H.B. 559 (Burkett) – Immigration: would: (1) prohibit an employer, including a city, from knowingly employing an undocumented immigrant; (2) penalize a city by revoking any government license it holds if it knowingly employs an undocumented immigrant; (3) allow individuals to file complaints if they have reason to believe the city is employing an individual who is an undocumented immigrant; (4) require a licensing authority, including a city, to suspend any license issued to a person found to have knowingly employed an undocumented immigrant; and (5) allow a licensing authority, including a city, to charge a fee to a person whose license is suspended under this law.

H.B. 615 (Harless) – Immigration:  would: (1) prohibit an employer, including a city, from employing an undocumented immigrant; (2) create a complaint process for employers that employ undocumented immigrants; (3) require the Texas Workforce Commission to adopt rules regarding the bill;  and (4) require a report by the commission to be given to the legislature and the governor based on nonidentifiable, summary data of two years of complaint data. 


H.B. 553 (Otto) – Gun Rights:  Would enact the “Second Amendment Preservation Act” and make certain findings related to the Second Amendment to the U.S. Constitution as they relate to federal gun control measures.  The bill would also enact a new penalty provision in the Texas Penal Code titled “Second Amendment Shall Remain Inviolate,” which would provide that: (1) a person who is a peace officer or any other public servant commits an offense if the person, while acting under color of the person’s office or employment, intentionally enforces or attempts to enforce any acts, laws, executive orders, agency orders, rules or regulations of any kind  whatsoever of the United States government relating to confiscating any firearm, banning any firearm, limiting the size of a magazine for any firearm, imposing any limit on the ammunition that may be purchased for any firearm, taxing any firearm or ammunition therefore, or requiring the registration of any firearm or ammunition therefore; (2) a person who violates (1), above, is guilty of a class A or B misdemeanor offense; (3) if the government of the United States, the defendant,  or any other party challenges the validity of the bill on any grounds, including  unconstitutionality, preemption, or sovereign immunity, the  attorney general of Texas with the consent of the appropriate  local county or district attorney, as necessary, shall take any  and all actions required on behalf of the state to defend the  validity of the statute; and (4) the Texas Department of Public Safety shall immediately report to the governor, attorney general, and the legislature any attempt by the federal government to  implement or enforce any law in violation of the bill through the Texas Department of Public Safety, or any another state or  local law enforcement agency.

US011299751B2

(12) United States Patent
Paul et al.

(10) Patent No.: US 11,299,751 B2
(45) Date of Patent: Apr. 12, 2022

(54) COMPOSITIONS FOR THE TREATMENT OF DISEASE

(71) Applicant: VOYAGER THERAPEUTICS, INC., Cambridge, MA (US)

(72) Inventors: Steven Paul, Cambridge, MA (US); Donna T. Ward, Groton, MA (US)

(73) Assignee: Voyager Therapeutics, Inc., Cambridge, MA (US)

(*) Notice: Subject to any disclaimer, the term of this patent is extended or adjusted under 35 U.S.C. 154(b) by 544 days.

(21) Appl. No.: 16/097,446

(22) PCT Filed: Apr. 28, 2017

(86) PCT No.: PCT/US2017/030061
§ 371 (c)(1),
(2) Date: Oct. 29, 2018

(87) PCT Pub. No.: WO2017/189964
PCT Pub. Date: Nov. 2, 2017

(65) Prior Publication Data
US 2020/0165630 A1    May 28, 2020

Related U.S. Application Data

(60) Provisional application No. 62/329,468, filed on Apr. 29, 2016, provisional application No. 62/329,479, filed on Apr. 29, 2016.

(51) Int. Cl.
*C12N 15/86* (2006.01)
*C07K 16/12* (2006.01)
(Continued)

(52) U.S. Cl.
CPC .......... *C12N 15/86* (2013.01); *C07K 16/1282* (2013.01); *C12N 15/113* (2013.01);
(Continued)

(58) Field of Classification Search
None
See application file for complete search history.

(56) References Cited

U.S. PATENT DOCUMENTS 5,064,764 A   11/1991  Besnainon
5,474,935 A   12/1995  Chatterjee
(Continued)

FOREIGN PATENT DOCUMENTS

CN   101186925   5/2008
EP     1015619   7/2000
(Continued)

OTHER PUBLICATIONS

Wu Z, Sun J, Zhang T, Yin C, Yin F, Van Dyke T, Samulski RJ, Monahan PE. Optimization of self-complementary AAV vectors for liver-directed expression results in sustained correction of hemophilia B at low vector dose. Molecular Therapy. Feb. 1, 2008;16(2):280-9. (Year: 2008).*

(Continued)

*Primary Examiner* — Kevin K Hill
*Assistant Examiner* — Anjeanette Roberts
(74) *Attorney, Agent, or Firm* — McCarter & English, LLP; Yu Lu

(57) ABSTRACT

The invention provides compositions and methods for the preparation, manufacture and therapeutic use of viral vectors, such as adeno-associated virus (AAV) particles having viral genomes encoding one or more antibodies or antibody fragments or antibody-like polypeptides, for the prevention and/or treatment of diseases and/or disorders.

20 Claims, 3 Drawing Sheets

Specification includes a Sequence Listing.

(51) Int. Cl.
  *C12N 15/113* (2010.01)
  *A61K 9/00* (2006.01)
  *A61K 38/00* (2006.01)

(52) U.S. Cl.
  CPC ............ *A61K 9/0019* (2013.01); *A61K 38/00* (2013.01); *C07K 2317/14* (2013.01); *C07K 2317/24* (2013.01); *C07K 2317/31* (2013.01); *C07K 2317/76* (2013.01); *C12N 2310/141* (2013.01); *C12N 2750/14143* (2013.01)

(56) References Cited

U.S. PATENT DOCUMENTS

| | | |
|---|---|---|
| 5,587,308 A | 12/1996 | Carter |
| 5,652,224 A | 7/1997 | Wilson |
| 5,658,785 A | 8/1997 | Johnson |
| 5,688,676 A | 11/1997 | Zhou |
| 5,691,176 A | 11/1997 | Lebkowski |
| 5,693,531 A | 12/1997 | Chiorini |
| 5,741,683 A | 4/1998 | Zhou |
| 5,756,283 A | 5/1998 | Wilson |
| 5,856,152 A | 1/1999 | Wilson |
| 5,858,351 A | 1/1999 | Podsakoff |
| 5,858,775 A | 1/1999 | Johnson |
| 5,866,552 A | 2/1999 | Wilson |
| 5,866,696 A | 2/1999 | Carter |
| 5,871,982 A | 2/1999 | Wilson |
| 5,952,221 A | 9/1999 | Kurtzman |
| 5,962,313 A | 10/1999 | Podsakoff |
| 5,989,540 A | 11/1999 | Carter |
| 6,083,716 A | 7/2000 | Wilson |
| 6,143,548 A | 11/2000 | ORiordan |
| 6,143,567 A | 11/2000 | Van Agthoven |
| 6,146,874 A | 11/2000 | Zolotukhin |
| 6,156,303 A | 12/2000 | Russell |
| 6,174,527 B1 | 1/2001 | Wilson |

H.B. 557 (Gonzales) – License Plates: would require Texas Department of Motor Vehicles to issue for attachment at the rear of a passenger car or light truck only one license plate and would create an offense for operating a passenger car or light truck without the license plate attached at the rear. 

H.B. 583 (Kleinschmidt) – Vehicle Impoundment:  would:  (1) authorize a peace officer to impound or authorize a vehicle storage facility to remove and impound a vehicle of a person who: (a) is involved in a motor vehicle accident or is stopped for an alleged violation of a local traffic ordinance, state traffic law, or any other law applicable to the operation of a vehicle on a roadway; and (b) operates a motor vehicle without establishing financial responsibility for the vehicle; (2) require a peace officer who impounds or authorizes the impoundment of a vehicle under (1), above, to instruct the operator of the vehicle as to how the owner of the vehicle may recover the motor vehicle; (3) allow a law enforcement agency or vehicle storage facility to release a vehicle impounded under (1), above, only if the owner provides: (a) sufficient evidence showing the motor vehicle was exempt from the financial responsibility requirement; or (b) sufficient evidence showing that on the applicable date the vehicle was in compliance; or (c) sufficient evidence showing financial responsibility for the vehicle has been obtained and is valid; and (d) provides a driver’s license issued to the owner of the vehicle and pays all associated fees; and (4) authorize the law enforcement agency or vehicle storage facility that impounds a vehicle under (1), above, to release the vehicle to a person who is shown as a lienholder on the vehicle’s certificate of title only if the person provides a statement from an officer of the lienholder establishing that the obligation secured by the vehicle is in default and the person pays all associated fees.

H.B. 594 (Naishtat) – Medical Marihuana: would (1) provide an affirmative defense to prosecution for possession of marihuana if the person is a patient of a physician licensed to practice medicine in the state pursuant to the recommendation of the physician for amelioration of the symptoms or effects of bona fide medical condition; (2) a law enforcement agency may not initiate an investigation into a licensed physician solely on the ground that the physician made a written or oral statement or discussed the potential benefits of the use of marihuana may have for a patient that would outweigh health risks.

H.B. 606 (Guillen) – Driver’s License Suspension:would automatically suspend a person’s driver’s license on final conviction of a traffic offense committed in a construction or maintenance zone when workers are present if the person has been convicted two or more times of a similar traffic offense within the preceding five years. 

H.B. 601 (Lozano) – Sex Offenders: would permit a general law city to prohibit a registered sex offender from going in, on, or within a specified distance of a child safety zone within the city.

S.B. 182 (Birdwell) – Concealed Handguns:  would, among other things, expand the places where a concealed handgun licensee can carry a handgun to include the campus of an institution of higher education, with certain exceptions.